Posted by: rocknrev | November 6, 2009

Let There Be Light and Let it be the Correct Color

Lights come in many shapes and sizes, and emit various colors. The easiest way to understand how color works with lights is to picture in your mind a STANDARD incandescent light bulb. If you are picturing the correct light, it’s a little yellowish in color isn’t it? That light’s color is described by a “temperature” number, 2700K. It is not necessary to understand all the science behind the number. Just remember that any light regardless of size or shape will be the similar in color if it is rated as 2700K. The yellow color is a result of there being a high amount of red in the lights spectrum.

The popular COOL WHITE light bulb actually has a littler more blue in its spectrum, so it is sometimes referred to as BLUE WHITE and has a color number between 3500K to 4100K. This is probably the most common light color we use in the United States. I know there is one company that sells their regular light bulbs in yellow boxes while their cool white lights are sold in white boxes–an easy way to pick the correct bulb at the grocery or variety store.

Some people like even brighter lights that have a color rating of 5000K. If you are following the pattern developing here, you’ve already figured out that the higher the color number—the whiter and brighter the light! So-called “Daylight” bulbs are usually rated around 6500K and will strain most peoples eyes if looked at directly.

Warmer colors in the 2700K-3300K tend to have a relaxing effect while “cool” colors in the 4100K and above range are helpful in office situations and facilitate better concentration for the end-user. Of course, all these numbers and how we perceive them are somewhat arbitrary. The lighting industry uses a CRI rating (Color Rendering Index) which is a way to measure how a light will reproduce the colors of various objects accurately. A CRI rating of 100 would be considered more or less perfect and would reproduce colors very close to a natural light source like the sun. The higher the number then, the more accurate colors will appear. Artists and photographers would be a couple of examples of professionals that would want high CRI lighting for their work.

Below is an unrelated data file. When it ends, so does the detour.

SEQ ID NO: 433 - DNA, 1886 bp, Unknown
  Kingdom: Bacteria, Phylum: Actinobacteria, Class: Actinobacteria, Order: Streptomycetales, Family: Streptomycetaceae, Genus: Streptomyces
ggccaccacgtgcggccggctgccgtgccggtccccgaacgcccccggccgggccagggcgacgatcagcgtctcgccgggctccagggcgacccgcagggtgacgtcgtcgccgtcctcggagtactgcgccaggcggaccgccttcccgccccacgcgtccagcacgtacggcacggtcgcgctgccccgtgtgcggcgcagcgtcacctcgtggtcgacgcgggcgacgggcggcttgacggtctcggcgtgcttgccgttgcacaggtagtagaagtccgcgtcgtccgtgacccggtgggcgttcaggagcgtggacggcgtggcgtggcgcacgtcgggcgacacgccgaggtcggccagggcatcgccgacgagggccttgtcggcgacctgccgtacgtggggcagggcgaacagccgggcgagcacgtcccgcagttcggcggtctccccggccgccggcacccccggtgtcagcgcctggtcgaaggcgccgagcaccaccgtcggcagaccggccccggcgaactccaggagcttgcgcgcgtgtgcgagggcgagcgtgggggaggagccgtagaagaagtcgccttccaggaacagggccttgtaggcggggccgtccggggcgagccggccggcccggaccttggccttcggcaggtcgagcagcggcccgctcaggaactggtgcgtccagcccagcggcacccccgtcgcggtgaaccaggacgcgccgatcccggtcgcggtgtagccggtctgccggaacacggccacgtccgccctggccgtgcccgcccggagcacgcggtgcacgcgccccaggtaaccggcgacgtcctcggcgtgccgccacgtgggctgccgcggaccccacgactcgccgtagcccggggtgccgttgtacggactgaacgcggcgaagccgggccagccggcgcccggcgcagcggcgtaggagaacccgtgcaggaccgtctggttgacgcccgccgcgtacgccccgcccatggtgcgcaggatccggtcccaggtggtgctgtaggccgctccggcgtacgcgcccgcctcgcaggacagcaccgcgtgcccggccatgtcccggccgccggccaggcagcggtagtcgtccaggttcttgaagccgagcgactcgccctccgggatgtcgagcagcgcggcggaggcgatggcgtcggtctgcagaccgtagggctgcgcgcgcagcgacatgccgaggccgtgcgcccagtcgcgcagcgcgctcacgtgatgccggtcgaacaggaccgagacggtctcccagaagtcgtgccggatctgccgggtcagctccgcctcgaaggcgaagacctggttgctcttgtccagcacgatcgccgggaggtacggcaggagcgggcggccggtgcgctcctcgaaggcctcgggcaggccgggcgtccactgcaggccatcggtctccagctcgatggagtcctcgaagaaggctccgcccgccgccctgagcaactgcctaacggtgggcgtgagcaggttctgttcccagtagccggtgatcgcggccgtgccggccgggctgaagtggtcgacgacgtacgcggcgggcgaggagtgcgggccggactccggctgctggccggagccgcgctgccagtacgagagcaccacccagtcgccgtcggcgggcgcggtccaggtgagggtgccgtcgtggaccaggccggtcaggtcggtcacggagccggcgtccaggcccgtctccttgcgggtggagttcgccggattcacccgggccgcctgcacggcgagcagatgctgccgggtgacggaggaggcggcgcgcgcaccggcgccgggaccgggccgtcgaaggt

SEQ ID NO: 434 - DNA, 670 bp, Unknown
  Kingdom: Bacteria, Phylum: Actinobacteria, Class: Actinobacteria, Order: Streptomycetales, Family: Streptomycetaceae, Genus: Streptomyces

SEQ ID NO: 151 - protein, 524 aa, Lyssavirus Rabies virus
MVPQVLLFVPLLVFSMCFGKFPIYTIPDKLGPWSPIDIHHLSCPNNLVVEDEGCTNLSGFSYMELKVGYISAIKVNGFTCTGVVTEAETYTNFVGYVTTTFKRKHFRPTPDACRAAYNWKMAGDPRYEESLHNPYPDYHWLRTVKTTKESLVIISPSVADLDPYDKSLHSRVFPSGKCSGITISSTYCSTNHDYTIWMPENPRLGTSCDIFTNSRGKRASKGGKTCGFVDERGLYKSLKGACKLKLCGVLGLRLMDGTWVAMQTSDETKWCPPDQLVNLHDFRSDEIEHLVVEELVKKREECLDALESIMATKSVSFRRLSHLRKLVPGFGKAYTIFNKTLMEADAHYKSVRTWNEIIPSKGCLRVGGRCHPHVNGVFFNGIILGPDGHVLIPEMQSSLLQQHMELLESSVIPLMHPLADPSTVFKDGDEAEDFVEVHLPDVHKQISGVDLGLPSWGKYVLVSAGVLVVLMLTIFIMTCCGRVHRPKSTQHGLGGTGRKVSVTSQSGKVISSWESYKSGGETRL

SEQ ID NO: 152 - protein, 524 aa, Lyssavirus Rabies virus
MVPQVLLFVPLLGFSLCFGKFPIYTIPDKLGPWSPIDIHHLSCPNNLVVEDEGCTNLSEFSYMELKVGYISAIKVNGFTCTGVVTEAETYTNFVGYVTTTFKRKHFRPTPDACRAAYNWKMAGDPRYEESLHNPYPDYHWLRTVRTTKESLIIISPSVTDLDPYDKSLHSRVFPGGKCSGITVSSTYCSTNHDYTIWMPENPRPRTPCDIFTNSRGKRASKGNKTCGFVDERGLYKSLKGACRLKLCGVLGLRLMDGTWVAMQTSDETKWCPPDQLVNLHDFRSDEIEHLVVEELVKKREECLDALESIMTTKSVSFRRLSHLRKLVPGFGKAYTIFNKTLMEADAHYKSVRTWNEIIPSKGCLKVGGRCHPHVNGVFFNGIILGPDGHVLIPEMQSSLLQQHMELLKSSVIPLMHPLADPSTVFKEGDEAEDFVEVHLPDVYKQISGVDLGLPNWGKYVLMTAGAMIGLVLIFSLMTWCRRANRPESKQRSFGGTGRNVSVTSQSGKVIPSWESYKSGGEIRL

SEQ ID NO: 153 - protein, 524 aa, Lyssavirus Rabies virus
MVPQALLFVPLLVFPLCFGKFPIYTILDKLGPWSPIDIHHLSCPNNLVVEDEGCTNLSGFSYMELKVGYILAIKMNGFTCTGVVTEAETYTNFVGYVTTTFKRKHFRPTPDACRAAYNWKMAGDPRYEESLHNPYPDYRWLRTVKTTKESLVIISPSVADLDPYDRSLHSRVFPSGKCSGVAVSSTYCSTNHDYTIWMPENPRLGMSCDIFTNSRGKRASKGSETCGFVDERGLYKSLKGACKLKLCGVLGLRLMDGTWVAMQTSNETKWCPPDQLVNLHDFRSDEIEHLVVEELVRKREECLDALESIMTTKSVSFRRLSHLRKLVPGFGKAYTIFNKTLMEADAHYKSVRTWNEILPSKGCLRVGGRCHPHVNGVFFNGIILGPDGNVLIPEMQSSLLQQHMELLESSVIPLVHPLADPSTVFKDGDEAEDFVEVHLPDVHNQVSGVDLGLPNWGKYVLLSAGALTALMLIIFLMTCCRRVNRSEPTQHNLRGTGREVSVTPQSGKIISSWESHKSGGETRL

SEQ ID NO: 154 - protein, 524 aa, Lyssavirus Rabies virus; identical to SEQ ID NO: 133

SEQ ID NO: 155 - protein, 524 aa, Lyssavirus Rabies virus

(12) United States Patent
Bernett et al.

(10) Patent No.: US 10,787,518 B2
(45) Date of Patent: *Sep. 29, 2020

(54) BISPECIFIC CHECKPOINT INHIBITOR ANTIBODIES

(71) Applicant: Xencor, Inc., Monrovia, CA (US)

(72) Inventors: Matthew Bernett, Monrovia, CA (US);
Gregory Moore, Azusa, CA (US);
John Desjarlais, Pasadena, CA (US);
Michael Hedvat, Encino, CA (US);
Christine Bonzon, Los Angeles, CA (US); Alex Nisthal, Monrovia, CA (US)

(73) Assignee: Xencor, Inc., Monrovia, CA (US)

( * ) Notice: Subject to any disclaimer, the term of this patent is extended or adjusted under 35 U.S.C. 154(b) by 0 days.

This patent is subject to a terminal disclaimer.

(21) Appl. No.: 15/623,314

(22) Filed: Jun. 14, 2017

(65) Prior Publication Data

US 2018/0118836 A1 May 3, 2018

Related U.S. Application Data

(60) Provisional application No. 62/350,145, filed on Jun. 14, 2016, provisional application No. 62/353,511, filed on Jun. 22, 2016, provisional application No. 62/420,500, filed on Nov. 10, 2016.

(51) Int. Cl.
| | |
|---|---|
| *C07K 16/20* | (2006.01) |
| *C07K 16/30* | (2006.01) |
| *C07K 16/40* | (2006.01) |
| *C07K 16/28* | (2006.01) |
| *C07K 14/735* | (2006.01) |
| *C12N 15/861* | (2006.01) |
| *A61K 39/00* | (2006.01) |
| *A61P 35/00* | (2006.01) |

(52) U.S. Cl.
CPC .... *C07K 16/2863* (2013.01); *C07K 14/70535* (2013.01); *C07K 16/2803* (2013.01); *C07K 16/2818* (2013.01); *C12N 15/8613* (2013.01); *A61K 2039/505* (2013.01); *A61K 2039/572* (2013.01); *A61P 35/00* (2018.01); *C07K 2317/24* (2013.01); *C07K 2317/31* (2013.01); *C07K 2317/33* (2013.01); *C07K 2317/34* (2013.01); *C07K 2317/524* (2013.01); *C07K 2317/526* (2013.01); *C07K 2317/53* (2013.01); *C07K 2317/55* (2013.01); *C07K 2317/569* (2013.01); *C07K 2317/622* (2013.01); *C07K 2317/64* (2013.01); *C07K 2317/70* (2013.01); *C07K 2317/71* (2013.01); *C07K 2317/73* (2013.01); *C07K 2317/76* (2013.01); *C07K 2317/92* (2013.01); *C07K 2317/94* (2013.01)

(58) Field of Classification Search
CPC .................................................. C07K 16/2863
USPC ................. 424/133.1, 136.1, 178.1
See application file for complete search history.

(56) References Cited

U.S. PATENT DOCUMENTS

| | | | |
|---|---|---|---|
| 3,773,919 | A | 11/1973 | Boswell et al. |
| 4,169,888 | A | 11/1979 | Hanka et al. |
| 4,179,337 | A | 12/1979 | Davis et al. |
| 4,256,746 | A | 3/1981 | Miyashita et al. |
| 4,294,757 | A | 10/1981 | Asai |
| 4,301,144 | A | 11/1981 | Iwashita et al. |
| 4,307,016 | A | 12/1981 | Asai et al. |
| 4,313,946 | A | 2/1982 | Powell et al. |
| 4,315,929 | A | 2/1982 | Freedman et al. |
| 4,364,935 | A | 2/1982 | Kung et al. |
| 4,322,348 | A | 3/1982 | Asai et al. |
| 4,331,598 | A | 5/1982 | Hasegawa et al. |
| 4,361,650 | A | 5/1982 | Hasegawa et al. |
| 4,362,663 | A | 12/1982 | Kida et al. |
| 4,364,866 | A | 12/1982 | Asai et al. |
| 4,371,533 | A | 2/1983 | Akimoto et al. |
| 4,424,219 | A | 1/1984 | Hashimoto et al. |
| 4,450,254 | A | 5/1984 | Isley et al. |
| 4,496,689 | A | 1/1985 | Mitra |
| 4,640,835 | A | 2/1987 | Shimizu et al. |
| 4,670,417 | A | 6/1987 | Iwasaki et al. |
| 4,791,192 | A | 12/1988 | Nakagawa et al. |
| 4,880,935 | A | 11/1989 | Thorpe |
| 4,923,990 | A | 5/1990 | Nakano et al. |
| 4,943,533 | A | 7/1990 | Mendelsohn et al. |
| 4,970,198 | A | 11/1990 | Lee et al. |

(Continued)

Unfortunately, the way various manufacturers design their code numbers is not universal. In most cases the color of the bulb will appear near the end of the light’s code stamped on the bulb or it’s metal base. To complicate things further, manufacturers tend to drop some or all of the zeros. So, you’ll sometimes see a number like “741” in the code and it’s the “41” that tips you off that it is a 4100K bulb. A code ending with 850 is really a bulb with the 5000K brightness. In most cases with a little practice, you’ll be able to see how the light color system works. The leading number “7” or “8” most often gives you a hint of the bulbs CRI rating. Again, the higher the number the truer that bulb will render colors.

You may find this information useful in your personal life when you go to the store to buy lights. Next time you go to the store, spend a few minutes looking at the codes. You’ll know better ahead of time just what color and how bright a light you are purchasing will be. If you have a burnt out bulb you want to replace, be sure to write the code number down so when you are shopping, you make sure the bulb you buy is the same color as the dead bulb back home.

It is OK to share and reproduce this information as long as you referance my blog.


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